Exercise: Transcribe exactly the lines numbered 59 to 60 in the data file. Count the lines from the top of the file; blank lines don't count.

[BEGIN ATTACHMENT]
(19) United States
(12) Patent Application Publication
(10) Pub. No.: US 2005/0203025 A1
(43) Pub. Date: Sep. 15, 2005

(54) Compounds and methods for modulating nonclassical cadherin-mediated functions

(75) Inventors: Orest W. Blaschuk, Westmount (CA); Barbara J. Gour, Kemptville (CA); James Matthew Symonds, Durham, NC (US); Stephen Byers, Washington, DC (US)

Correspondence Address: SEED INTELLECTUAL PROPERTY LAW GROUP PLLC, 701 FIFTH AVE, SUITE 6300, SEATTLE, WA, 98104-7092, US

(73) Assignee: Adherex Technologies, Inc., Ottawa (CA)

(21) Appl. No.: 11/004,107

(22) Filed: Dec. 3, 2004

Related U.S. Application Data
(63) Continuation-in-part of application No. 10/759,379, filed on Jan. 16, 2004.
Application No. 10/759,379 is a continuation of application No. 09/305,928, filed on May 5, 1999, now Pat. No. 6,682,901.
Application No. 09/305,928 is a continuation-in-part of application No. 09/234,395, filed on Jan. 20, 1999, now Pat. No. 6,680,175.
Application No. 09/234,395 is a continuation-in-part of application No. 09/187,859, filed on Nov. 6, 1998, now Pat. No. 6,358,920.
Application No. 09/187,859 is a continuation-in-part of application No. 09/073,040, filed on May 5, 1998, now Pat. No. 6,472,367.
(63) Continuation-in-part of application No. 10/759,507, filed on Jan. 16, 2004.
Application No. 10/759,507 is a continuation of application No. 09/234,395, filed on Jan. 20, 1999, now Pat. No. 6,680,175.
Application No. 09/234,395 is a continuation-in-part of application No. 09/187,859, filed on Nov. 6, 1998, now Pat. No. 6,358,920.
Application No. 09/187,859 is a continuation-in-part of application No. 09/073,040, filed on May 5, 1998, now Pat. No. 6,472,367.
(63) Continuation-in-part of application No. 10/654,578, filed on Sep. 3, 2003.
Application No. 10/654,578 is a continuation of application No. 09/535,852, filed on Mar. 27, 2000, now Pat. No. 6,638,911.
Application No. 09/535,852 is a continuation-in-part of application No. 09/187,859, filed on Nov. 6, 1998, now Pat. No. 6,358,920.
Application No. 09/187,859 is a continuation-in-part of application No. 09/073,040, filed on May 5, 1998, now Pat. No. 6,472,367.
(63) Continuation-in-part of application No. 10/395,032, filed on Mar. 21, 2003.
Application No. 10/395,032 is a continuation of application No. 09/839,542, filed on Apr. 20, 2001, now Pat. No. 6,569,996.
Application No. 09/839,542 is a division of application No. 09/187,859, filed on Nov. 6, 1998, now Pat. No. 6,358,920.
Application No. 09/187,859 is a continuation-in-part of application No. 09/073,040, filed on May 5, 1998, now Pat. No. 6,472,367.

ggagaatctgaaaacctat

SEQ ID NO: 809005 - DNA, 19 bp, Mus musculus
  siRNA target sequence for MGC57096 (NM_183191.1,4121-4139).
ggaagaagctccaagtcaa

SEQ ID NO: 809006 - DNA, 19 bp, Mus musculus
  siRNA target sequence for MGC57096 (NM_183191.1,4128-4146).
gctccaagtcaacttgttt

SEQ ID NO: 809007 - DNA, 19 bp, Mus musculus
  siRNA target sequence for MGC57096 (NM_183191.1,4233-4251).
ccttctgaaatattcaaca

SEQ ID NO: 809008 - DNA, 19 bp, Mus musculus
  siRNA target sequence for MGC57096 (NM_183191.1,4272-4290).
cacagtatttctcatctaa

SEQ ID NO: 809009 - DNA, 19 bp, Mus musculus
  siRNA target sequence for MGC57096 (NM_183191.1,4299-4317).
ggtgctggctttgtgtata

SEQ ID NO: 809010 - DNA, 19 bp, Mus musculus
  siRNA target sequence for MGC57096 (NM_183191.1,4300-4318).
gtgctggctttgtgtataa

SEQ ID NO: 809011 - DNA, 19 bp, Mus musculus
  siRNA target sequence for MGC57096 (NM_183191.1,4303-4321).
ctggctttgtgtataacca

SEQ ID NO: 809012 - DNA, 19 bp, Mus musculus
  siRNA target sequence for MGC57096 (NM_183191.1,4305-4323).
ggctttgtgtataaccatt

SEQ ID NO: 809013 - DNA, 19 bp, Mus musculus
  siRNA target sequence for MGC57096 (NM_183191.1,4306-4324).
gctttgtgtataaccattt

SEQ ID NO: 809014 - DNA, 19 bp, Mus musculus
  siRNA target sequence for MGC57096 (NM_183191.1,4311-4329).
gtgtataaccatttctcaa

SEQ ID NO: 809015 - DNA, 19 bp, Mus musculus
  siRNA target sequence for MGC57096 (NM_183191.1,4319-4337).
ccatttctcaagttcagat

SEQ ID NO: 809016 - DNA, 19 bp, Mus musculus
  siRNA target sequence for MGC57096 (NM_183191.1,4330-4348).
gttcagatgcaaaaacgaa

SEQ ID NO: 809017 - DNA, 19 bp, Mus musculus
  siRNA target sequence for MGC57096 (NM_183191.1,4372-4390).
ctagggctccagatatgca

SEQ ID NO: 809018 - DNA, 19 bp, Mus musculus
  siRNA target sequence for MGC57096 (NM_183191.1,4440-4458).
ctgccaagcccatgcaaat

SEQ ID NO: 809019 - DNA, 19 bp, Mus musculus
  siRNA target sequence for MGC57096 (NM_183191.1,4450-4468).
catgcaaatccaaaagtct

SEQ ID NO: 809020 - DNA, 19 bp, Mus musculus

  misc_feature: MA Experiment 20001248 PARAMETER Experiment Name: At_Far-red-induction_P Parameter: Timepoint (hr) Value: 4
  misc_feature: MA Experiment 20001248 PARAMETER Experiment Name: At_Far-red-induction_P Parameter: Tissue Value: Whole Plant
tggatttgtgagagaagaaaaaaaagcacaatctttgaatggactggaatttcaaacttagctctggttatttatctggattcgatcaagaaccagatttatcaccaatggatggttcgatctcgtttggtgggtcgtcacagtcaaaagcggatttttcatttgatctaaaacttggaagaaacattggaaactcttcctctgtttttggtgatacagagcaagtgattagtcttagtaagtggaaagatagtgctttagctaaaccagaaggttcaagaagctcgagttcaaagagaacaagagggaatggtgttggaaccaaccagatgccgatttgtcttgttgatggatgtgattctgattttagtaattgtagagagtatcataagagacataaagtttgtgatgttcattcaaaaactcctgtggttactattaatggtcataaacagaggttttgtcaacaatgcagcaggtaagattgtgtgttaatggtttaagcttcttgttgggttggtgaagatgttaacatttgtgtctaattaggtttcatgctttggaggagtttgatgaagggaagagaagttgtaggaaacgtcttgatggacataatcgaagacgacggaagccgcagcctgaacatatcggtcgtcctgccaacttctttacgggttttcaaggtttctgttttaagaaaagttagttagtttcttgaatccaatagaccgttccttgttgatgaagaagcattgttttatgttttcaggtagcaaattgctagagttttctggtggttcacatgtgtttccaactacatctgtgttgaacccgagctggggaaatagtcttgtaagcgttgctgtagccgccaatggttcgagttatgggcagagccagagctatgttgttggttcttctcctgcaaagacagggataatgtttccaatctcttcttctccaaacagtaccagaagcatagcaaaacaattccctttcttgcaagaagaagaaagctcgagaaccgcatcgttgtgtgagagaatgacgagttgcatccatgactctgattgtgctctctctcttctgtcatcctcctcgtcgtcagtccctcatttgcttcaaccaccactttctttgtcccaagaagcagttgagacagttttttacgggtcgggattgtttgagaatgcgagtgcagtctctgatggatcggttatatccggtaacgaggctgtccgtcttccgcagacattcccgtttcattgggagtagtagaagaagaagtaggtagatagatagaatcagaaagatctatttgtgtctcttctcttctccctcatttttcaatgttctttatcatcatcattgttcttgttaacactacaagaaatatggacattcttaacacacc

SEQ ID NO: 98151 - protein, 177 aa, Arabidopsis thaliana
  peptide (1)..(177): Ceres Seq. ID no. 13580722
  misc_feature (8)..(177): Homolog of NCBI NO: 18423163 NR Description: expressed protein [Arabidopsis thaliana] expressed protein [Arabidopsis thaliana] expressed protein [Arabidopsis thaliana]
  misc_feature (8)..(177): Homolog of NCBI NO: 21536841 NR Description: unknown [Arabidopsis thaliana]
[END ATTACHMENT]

gtgtataaccatttctcaa

SEQ ID NO: 809015 - DNA, 19 bp, Mus musculus